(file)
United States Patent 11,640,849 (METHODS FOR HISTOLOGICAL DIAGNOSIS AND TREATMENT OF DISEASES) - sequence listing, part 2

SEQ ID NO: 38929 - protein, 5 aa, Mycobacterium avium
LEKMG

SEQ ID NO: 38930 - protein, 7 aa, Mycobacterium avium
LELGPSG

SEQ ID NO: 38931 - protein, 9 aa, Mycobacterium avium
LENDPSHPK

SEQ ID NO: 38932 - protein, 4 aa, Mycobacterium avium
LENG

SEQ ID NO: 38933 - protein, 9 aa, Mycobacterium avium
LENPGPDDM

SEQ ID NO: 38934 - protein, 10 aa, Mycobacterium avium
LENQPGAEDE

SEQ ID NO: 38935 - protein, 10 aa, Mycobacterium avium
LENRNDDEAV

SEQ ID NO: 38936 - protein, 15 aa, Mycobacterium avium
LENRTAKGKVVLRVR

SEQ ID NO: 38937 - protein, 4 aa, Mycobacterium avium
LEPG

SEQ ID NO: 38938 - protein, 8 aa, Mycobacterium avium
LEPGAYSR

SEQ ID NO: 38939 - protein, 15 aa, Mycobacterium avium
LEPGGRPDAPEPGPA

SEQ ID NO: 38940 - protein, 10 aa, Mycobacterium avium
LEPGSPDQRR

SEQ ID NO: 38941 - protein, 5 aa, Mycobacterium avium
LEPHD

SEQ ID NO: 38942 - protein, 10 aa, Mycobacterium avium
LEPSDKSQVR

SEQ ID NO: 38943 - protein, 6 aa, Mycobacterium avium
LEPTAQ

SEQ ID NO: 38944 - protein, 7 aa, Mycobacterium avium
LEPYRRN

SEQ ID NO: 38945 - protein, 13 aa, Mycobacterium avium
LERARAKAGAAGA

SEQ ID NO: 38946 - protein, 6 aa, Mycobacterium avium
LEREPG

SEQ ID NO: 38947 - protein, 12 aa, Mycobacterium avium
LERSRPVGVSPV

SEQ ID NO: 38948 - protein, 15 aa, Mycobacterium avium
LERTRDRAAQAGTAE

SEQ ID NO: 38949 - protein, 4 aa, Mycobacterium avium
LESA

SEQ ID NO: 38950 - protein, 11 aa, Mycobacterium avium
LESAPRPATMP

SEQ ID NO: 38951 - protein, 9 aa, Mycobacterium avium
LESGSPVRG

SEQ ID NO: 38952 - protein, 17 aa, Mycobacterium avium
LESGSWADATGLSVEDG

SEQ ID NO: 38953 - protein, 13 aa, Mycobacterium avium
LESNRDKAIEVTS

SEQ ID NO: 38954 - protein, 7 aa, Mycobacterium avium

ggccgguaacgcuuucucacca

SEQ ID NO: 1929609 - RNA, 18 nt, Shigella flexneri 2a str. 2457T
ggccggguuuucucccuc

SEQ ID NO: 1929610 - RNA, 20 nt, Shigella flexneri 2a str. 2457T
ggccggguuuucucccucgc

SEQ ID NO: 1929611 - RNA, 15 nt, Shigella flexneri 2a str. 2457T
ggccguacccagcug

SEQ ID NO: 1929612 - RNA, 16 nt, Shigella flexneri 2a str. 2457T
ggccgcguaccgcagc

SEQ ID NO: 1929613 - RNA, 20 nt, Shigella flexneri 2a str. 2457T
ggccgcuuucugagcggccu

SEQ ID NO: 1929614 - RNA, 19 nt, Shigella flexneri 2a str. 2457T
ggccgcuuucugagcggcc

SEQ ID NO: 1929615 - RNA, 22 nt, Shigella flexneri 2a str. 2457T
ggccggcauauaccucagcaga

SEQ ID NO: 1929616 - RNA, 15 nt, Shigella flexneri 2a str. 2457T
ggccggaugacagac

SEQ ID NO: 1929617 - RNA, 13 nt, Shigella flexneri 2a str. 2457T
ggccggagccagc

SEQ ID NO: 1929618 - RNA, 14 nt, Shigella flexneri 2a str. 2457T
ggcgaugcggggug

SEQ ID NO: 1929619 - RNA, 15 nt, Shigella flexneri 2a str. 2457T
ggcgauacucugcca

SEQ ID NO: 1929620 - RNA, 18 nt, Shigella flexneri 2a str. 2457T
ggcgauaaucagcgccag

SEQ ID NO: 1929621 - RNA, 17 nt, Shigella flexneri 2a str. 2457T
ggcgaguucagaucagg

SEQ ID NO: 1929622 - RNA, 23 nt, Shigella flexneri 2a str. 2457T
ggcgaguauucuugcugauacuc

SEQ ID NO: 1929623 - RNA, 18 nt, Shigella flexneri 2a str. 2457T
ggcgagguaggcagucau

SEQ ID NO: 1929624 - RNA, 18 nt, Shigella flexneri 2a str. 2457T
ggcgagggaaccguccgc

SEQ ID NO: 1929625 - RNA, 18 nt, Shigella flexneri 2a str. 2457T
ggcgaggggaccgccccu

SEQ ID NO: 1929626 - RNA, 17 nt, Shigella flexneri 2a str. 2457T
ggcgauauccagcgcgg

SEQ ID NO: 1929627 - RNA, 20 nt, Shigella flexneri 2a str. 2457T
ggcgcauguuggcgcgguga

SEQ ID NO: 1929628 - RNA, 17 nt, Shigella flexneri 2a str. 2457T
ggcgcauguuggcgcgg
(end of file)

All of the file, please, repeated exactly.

United States Patent 11,640,849 (METHODS FOR HISTOLOGICAL DIAGNOSIS AND TREATMENT OF DISEASES) - sequence listing, part 2

SEQ ID NO: 38929 - protein, 5 aa, Mycobacterium avium
LEKMG

SEQ ID NO: 38930 - protein, 7 aa, Mycobacterium avium
LELGPSG

SEQ ID NO: 38931 - protein, 9 aa, Mycobacterium avium
LENDPSHPK

SEQ ID NO: 38932 - protein, 4 aa, Mycobacterium avium
LENG

SEQ ID NO: 38933 - protein, 9 aa, Mycobacterium avium
LENPGPDDM

SEQ ID NO: 38934 - protein, 10 aa, Mycobacterium avium
LENQPGAEDE

SEQ ID NO: 38935 - protein, 10 aa, Mycobacterium avium
LENRNDDEAV

SEQ ID NO: 38936 - protein, 15 aa, Mycobacterium avium
LENRTAKGKVVLRVR

SEQ ID NO: 38937 - protein, 4 aa, Mycobacterium avium
LEPG

SEQ ID NO: 38938 - protein, 8 aa, Mycobacterium avium
LEPGAYSR

SEQ ID NO: 38939 - protein, 15 aa, Mycobacterium avium
LEPGGRPDAPEPGPA

SEQ ID NO: 38940 - protein, 10 aa, Mycobacterium avium
LEPGSPDQRR

SEQ ID NO: 38941 - protein, 5 aa, Mycobacterium avium
LEPHD

SEQ ID NO: 38942 - protein, 10 aa, Mycobacterium avium
LEPSDKSQVR

SEQ ID NO: 38943 - protein, 6 aa, Mycobacterium avium
LEPTAQ

SEQ ID NO: 38944 - protein, 7 aa, Mycobacterium avium
LEPYRRN

SEQ ID NO: 38945 - protein, 13 aa, Mycobacterium avium
LERARAKAGAAGA

SEQ ID NO: 38946 - protein, 6 aa, Mycobacterium avium
LEREPG

SEQ ID NO: 38947 - protein, 12 aa, Mycobacterium avium
LERSRPVGVSPV

SEQ ID NO: 38948 - protein, 15 aa, Mycobacterium avium
LERTRDRAAQAGTAE

SEQ ID NO: 38949 - protein, 4 aa, Mycobacterium avium
LESA

SEQ ID NO: 38950 - protein, 11 aa, Mycobacterium avium
LESAPRPATMP

SEQ ID NO: 38951 - protein, 9 aa, Mycobacterium avium
LESGSPVRG

SEQ ID NO: 38952 - protein, 17 aa, Mycobacterium avium
LESGSWADATGLSVEDG

SEQ ID NO: 38953 - protein, 13 aa, Mycobacterium avium
LESNRDKAIEVTS

SEQ ID NO: 38954 - protein, 7 aa, Mycobacterium avium

ggccgguaacgcuuucucacca

SEQ ID NO: 1929609 - RNA, 18 nt, Shigella flexneri 2a str. 2457T
ggccggguuuucucccuc

SEQ ID NO: 1929610 - RNA, 20 nt, Shigella flexneri 2a str. 2457T
ggccggguuuucucccucgc

SEQ ID NO: 1929611 - RNA, 15 nt, Shigella flexneri 2a str. 2457T
ggccguacccagcug

SEQ ID NO: 1929612 - RNA, 16 nt, Shigella flexneri 2a str. 2457T
ggccgcguaccgcagc

SEQ ID NO: 1929613 - RNA, 20 nt, Shigella flexneri 2a str. 2457T
ggccgcuuucugagcggccu

SEQ ID NO: 1929614 - RNA, 19 nt, Shigella flexneri 2a str. 2457T
ggccgcuuucugagcggcc

SEQ ID NO: 1929615 - RNA, 22 nt, Shigella flexneri 2a str. 2457T
ggccggcauauaccucagcaga

SEQ ID NO: 1929616 - RNA, 15 nt, Shigella flexneri 2a str. 2457T
ggccggaugacagac

SEQ ID NO: 1929617 - RNA, 13 nt, Shigella flexneri 2a str. 2457T
ggccggagccagc

SEQ ID NO: 1929618 - RNA, 14 nt, Shigella flexneri 2a str. 2457T
ggcgaugcggggug

SEQ ID NO: 1929619 - RNA, 15 nt, Shigella flexneri 2a str. 2457T
ggcgauacucugcca

SEQ ID NO: 1929620 - RNA, 18 nt, Shigella flexneri 2a str. 2457T
ggcgauaaucagcgccag

SEQ ID NO: 1929621 - RNA, 17 nt, Shigella flexneri 2a str. 2457T
ggcgaguucagaucagg

SEQ ID NO: 1929622 - RNA, 23 nt, Shigella flexneri 2a str. 2457T
ggcgaguauucuugcugauacuc

SEQ ID NO: 1929623 - RNA, 18 nt, Shigella flexneri 2a str. 2457T
ggcgagguaggcagucau

SEQ ID NO: 1929624 - RNA, 18 nt, Shigella flexneri 2a str. 2457T
ggcgagggaaccguccgc

SEQ ID NO: 1929625 - RNA, 18 nt, Shigella flexneri 2a str. 2457T
ggcgaggggaccgccccu

SEQ ID NO: 1929626 - RNA, 17 nt, Shigella flexneri 2a str. 2457T
ggcgauauccagcgcgg

SEQ ID NO: 1929627 - RNA, 20 nt, Shigella flexneri 2a str. 2457T
ggcgcauguuggcgcgguga

SEQ ID NO: 1929628 - RNA, 17 nt, Shigella flexneri 2a str. 2457T
ggcgcauguuggcgcgg